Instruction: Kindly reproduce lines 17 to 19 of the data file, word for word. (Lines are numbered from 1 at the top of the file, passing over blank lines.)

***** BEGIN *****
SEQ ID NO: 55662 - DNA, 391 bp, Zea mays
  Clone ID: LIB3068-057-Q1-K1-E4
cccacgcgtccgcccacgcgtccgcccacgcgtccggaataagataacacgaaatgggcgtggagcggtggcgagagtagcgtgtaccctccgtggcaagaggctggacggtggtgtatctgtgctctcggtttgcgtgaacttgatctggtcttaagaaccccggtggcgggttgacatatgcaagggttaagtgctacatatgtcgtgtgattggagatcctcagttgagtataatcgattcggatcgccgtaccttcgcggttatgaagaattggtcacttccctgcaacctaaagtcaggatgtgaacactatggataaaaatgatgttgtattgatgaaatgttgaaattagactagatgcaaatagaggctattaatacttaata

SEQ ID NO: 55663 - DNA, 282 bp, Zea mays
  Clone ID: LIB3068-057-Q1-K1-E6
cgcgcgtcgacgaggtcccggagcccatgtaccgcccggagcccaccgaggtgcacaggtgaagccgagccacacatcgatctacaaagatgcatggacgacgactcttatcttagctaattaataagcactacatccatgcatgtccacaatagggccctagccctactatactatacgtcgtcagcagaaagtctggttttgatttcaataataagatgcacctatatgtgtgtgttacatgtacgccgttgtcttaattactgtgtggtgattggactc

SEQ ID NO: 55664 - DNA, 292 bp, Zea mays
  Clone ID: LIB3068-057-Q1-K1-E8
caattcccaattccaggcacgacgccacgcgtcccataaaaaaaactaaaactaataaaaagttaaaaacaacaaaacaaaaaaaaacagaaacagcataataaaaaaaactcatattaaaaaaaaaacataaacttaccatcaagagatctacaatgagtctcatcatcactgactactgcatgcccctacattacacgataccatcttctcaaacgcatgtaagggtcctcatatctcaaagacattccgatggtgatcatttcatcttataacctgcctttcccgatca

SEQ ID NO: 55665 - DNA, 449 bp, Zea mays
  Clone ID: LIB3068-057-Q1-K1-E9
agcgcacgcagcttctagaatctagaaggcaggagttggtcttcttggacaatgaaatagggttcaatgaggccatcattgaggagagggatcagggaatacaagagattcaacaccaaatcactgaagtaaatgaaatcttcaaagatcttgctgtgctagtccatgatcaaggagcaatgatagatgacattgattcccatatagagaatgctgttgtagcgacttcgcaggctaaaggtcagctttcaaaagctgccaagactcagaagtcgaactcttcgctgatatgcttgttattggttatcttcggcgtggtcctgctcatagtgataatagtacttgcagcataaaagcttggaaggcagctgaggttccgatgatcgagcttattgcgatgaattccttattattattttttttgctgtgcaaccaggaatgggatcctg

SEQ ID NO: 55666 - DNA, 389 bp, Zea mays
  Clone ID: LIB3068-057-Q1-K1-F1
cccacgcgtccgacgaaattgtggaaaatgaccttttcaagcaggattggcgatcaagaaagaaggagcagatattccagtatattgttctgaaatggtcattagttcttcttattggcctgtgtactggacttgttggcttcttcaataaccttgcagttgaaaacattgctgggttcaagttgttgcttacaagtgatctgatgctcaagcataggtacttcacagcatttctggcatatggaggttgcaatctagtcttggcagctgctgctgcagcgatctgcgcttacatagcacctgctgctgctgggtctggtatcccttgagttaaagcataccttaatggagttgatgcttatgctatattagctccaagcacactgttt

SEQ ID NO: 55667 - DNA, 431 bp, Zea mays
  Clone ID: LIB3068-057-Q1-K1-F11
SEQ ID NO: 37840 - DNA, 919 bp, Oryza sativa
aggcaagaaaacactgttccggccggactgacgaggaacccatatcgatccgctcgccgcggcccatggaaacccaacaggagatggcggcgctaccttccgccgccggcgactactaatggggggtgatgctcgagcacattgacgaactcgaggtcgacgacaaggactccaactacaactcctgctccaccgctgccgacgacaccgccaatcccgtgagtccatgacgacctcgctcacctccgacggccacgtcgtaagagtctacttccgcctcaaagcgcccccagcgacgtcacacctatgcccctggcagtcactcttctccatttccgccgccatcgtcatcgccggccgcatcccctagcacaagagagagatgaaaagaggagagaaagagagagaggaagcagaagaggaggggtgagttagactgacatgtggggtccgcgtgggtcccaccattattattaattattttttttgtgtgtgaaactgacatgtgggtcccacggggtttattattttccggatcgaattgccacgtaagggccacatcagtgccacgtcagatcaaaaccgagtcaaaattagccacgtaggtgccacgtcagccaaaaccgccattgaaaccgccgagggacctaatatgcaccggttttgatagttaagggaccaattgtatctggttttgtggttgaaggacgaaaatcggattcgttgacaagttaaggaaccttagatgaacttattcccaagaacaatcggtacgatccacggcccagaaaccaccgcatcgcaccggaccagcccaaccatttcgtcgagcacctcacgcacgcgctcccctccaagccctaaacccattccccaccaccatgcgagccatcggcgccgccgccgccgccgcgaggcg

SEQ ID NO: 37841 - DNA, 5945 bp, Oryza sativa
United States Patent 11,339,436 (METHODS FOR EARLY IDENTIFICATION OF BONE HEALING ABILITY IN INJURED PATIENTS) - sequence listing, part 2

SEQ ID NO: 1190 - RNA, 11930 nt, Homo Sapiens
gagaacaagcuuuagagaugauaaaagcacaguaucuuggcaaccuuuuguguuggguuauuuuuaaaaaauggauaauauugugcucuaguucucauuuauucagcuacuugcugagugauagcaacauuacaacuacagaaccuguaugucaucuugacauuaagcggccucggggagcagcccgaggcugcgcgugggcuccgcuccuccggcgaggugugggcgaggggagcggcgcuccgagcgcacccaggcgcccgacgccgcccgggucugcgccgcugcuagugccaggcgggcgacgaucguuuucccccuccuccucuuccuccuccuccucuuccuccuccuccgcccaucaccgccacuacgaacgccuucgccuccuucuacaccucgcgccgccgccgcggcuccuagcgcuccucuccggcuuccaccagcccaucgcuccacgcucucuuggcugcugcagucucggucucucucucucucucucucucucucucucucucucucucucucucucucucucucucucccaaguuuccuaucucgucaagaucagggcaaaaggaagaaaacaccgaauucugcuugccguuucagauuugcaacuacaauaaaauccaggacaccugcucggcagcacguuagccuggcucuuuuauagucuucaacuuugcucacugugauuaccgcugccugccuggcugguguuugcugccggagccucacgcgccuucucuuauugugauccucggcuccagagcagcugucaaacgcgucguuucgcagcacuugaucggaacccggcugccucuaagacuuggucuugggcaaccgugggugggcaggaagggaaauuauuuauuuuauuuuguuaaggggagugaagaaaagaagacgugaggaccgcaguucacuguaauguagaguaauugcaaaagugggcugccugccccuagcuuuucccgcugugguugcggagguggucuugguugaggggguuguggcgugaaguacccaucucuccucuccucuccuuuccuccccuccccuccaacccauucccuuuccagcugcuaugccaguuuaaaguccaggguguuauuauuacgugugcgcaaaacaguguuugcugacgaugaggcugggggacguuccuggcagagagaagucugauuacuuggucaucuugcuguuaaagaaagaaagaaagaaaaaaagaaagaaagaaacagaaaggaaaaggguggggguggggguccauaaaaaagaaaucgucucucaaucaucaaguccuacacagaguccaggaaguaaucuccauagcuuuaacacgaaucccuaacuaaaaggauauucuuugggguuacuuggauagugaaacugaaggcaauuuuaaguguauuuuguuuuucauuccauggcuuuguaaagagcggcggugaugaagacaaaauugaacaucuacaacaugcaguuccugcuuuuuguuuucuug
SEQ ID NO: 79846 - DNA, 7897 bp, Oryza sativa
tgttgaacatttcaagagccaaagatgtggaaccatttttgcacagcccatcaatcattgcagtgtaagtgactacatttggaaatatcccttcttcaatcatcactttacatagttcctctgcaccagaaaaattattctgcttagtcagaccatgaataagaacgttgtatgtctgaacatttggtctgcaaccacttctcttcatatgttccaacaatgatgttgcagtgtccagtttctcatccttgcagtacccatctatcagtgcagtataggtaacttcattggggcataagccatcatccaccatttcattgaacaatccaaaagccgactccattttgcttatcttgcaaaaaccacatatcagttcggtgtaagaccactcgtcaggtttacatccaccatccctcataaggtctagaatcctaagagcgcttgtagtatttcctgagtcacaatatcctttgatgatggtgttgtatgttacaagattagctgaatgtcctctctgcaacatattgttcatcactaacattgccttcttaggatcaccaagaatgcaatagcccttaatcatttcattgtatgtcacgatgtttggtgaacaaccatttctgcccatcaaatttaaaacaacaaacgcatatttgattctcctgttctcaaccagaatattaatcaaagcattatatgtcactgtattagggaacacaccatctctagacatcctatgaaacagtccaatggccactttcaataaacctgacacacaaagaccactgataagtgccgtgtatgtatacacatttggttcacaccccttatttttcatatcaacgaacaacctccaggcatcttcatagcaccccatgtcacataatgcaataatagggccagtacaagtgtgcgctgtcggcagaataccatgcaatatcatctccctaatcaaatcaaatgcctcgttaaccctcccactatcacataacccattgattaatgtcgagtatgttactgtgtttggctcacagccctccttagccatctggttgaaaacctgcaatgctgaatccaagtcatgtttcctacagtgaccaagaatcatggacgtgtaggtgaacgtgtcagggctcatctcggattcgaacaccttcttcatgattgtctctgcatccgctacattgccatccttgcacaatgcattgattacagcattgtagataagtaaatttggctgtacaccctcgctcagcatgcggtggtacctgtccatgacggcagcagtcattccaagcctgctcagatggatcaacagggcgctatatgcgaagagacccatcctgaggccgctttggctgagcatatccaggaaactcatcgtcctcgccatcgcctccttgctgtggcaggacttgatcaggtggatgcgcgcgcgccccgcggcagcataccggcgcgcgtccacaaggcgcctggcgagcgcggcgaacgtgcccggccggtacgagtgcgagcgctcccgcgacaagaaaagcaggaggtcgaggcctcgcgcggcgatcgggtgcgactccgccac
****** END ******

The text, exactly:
  Clone ID: LIB3068-057-Q1-K1-F11
SEQ ID NO: 37840 - DNA, 919 bp, Oryza sativa
aggcaagaaaacactgttccggccggactgacgaggaacccatatcgatccgctcgccgcggcccatggaaacccaacaggagatggcggcgctaccttccgccgccggcgactactaatggggggtgatgctcgagcacattgacgaactcgaggtcgacgacaaggactccaactacaactcctgctccaccgctgccgacgacaccgccaatcccgtgagtccatgacgacctcgctcacctccgacggccacgtcgtaagagtctacttccgcctcaaagcgcccccagcgacgtcacacctatgcccctggcagtcactcttctccatttccgccgccatcgtcatcgccggccgcatcccctagcacaagagagagatgaaaagaggagagaaagagagagaggaagcagaagaggaggggtgagttagactgacatgtggggtccgcgtgggtcccaccattattattaattattttttttgtgtgtgaaactgacatgtgggtcccacggggtttattattttccggatcgaattgccacgtaagggccacatcagtgccacgtcagatcaaaaccgagtcaaaattagccacgtaggtgccacgtcagccaaaaccgccattgaaaccgccgagggacctaatatgcaccggttttgatagttaagggaccaattgtatctggttttgtggttgaaggacgaaaatcggattcgttgacaagttaaggaaccttagatgaacttattcccaagaacaatcggtacgatccacggcccagaaaccaccgcatcgcaccggaccagcccaaccatttcgtcgagcacctcacgcacgcgctcccctccaagccctaaacccattccccaccaccatgcgagccatcggcgccgccgccgccgccgcgaggcg